With a name like SCAPHIST, you best believe these Kiwi Death Metal motherfuckers are interested in doling out as much punishment as is humanly possible. What? You don’t know what ‘scaphism’ is? Well, now you do. Pretty cool, right?
Self-released and fast as sin, SCAPHIST’s debut full-length, “Majestic Seal of Antiquity,” is an excursion into the blasphemous realm of Blackened Persian-style Death Metal on a grand fucking scale. Splicing the ambitious and grand structuring of NILE with the overpowering crush of MORBID ANGEL or VADER, Auckland’s SCAPHIST lay waste to other Death Metal acts by way of expertly controlled aggression. Succeeding the album’s Middle Eastern intro, there is not a single dry spot over the next seven songs; just total, relentless mayhem with enough blasting and great chugging hooks to bang that head into the afterlife.
“The Uncreated One” starts things off demonstratively with its evil tremolo grinding and a wealth of skin-shaving blast-beats that meld into huge, thumping grooves. “Sculptures in Shadow” follows a similar pattern, this time with a few Doomier riffs, but again destroys all in its path with a variety of excellent structure choices that give the song plenty of personality. In spite of their (currently) unsigned status, SCAPHIST’s ability to create such a swarm of dynamic and distinct Death Metal tracks propels them past an untold number of bands backed by high profile record labels.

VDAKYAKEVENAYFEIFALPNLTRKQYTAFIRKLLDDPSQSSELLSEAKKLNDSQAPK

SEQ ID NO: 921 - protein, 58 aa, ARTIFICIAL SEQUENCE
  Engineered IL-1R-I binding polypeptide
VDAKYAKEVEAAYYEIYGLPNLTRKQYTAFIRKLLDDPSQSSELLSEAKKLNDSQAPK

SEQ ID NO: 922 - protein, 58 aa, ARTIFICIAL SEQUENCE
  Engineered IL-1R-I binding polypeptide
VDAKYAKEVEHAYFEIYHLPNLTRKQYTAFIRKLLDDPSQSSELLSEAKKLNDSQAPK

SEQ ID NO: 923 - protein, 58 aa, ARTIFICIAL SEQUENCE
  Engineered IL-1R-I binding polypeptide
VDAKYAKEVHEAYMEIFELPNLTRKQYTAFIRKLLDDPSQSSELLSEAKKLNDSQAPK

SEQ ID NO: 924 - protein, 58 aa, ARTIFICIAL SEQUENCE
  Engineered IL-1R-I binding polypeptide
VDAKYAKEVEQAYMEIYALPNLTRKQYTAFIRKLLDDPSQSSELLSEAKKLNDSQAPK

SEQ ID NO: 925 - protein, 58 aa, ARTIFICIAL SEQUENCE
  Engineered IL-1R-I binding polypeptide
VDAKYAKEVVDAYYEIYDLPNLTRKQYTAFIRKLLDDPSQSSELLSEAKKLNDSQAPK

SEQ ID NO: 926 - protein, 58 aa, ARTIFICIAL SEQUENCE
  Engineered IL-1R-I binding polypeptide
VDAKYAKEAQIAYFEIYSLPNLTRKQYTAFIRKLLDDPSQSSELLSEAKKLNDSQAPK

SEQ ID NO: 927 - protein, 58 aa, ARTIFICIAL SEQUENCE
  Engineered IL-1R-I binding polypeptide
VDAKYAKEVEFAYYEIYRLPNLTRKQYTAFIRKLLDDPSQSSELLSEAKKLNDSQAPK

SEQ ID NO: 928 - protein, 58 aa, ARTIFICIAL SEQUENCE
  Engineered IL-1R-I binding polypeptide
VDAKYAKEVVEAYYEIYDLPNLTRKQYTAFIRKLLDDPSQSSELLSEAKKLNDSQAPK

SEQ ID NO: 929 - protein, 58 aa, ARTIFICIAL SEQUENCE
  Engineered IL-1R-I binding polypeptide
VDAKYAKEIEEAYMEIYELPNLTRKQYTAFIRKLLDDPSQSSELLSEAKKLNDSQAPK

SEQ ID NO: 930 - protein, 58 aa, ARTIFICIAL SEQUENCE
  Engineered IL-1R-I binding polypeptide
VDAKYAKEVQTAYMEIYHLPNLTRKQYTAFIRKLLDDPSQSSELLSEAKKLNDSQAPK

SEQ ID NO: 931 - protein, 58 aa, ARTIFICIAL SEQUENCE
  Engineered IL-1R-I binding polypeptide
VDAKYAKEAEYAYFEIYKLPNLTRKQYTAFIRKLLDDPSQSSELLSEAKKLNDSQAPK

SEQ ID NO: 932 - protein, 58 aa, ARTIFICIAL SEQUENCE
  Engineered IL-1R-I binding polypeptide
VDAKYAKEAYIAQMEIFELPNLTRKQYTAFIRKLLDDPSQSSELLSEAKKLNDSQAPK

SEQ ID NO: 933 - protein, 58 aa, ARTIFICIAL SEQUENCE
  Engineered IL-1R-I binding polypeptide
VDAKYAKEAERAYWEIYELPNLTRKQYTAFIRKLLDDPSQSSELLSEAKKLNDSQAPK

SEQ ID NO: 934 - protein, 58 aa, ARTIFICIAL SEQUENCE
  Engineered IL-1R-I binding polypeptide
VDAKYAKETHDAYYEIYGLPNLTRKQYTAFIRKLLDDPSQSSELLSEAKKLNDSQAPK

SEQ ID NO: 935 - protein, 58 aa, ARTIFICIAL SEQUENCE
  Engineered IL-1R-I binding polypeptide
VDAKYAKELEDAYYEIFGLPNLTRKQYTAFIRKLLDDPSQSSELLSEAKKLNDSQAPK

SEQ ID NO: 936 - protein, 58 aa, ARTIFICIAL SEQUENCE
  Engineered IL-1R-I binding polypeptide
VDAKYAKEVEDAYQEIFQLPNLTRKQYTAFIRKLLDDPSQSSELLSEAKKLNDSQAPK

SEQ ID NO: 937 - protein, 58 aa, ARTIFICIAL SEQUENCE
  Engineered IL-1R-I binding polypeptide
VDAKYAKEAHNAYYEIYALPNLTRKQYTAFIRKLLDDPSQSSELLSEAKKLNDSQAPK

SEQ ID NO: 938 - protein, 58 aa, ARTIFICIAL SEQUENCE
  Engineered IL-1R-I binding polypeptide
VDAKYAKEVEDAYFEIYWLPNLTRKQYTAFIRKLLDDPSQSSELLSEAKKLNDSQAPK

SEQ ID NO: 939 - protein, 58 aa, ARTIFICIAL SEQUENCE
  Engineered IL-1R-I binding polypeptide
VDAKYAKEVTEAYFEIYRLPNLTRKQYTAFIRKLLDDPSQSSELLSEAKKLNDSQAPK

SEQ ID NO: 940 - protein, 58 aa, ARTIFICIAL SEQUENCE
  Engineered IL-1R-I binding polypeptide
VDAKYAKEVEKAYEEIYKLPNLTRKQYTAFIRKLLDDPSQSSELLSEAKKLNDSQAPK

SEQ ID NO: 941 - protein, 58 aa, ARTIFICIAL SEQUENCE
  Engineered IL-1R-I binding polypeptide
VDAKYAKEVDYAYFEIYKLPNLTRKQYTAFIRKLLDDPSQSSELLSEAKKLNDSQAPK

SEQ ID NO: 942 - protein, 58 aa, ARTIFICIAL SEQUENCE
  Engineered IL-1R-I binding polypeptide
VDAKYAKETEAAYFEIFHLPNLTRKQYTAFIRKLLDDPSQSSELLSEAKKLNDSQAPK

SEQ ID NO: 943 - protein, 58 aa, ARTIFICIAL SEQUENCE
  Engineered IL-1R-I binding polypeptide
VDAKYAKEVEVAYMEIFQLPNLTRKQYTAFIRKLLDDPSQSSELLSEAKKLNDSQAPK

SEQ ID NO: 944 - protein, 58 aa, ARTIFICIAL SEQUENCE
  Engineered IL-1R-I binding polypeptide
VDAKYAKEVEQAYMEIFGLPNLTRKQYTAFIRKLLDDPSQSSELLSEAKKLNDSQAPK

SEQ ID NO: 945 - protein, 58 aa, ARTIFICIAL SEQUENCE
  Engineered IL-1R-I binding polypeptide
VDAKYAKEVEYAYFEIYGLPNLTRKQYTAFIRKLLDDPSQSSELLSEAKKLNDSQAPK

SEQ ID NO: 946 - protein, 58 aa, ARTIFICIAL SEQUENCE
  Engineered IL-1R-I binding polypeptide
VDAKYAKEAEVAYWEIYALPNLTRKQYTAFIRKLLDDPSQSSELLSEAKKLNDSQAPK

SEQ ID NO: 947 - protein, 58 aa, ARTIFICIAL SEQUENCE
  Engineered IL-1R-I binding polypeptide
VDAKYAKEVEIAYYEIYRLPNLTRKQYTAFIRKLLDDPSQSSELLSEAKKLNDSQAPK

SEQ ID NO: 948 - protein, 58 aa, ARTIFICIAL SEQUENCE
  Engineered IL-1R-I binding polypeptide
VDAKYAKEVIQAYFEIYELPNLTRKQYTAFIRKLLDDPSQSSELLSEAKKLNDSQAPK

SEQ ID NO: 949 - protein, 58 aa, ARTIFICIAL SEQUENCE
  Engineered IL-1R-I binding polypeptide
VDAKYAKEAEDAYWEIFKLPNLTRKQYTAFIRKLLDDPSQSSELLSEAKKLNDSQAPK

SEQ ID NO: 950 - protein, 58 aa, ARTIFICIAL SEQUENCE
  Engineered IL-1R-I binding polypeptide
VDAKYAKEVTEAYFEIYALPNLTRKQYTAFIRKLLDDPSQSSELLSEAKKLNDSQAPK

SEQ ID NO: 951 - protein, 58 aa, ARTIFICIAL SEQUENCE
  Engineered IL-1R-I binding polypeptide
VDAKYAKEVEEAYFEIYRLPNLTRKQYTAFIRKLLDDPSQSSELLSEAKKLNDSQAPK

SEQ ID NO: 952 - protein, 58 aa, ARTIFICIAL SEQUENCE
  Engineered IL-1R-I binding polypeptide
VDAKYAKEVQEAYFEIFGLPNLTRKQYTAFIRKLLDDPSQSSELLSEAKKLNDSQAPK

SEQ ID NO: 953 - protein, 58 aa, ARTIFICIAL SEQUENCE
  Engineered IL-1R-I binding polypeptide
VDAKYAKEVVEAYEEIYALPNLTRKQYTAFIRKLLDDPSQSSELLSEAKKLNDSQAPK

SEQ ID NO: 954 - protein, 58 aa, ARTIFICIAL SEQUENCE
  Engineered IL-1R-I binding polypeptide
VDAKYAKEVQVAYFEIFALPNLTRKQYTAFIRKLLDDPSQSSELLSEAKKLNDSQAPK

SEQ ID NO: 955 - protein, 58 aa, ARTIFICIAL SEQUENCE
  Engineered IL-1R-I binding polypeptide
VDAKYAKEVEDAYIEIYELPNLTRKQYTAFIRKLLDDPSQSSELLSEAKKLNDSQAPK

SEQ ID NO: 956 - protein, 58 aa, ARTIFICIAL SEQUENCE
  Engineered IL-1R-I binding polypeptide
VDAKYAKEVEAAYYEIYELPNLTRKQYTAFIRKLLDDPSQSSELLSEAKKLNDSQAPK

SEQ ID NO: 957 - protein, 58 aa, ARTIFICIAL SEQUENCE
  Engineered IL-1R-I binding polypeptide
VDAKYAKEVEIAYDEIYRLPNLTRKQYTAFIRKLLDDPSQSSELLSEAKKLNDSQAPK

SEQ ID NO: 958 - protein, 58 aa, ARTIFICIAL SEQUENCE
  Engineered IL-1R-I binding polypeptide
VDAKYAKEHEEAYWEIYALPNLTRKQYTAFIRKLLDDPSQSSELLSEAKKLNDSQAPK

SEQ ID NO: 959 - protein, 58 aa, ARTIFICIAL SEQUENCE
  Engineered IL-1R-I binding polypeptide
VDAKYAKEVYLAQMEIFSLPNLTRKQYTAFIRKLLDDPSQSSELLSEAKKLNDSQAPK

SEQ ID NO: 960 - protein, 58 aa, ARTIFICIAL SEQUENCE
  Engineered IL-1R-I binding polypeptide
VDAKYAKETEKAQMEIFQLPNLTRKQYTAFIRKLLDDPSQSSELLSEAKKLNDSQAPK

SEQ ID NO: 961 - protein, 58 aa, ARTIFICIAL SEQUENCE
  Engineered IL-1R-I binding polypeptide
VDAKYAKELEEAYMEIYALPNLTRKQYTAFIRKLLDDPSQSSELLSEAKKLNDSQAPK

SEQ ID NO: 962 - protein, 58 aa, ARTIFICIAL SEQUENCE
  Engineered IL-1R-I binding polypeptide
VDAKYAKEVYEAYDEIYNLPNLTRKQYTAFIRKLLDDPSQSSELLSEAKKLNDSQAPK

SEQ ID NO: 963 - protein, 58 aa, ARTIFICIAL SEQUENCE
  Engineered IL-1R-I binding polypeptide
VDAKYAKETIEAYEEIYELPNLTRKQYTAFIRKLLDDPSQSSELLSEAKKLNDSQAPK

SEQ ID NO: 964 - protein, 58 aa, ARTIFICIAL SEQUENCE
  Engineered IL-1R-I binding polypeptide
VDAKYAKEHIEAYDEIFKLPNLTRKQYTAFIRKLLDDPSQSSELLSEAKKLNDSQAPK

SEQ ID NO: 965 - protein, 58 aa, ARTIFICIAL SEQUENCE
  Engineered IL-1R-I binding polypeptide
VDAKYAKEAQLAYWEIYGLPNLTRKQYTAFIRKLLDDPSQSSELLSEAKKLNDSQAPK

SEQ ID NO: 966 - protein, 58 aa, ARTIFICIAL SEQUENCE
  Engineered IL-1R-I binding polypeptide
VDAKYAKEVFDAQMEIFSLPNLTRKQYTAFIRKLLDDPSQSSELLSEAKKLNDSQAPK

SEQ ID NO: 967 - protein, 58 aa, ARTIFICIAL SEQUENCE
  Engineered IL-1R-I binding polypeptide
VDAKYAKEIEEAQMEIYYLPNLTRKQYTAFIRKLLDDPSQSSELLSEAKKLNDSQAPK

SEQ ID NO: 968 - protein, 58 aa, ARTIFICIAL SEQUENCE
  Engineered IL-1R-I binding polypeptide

The album isn’t all gore and grandeur, however, as a pair of drawbacks frequent the album: the snare drum’s tinny sound, and the occasionally needless backing-vocal banshee shrieks. I’m not exactly sure who does the screeching, apparently guitarist Harry Benson-Rea and bassist Oli Smith wrench out vocals now and then, but in considering the force and command of lead vox Dylan Williams, their outbursts border on the unnecessary. The drumming, on first listen, sounds a bit too fast and a bit too tight to actually be a human being, and while this may be the case on the recording, a recent video showcasing the dual-handed gravity-blasting skills of Adam Bloomfield confirm otherwise. The aforementioned echoed sound of the snare drum needs a bit of work; a slamming door effect instead of the pots-and-pans smack would give this record an ungodly heavy mix.
Of course, the above drawbacks do little in the way of making “Majestic Seal of Antiquity” even remotely average as a debut record. After the first four songs melt your eardrums with their technical fury, the band completely ups the ante and rips you a new one with the final trio - the seething “Demise of the Sylphs,” the obliterating “Decadence of Prowess,” and the juggernaut closer, “Scaphism.” Huge, conquering riffs barrel non-stop, pushing the pace at all moments, and simply never lose breath.
Death Metal fans will not be disappointed.
(Online September 23, 2011)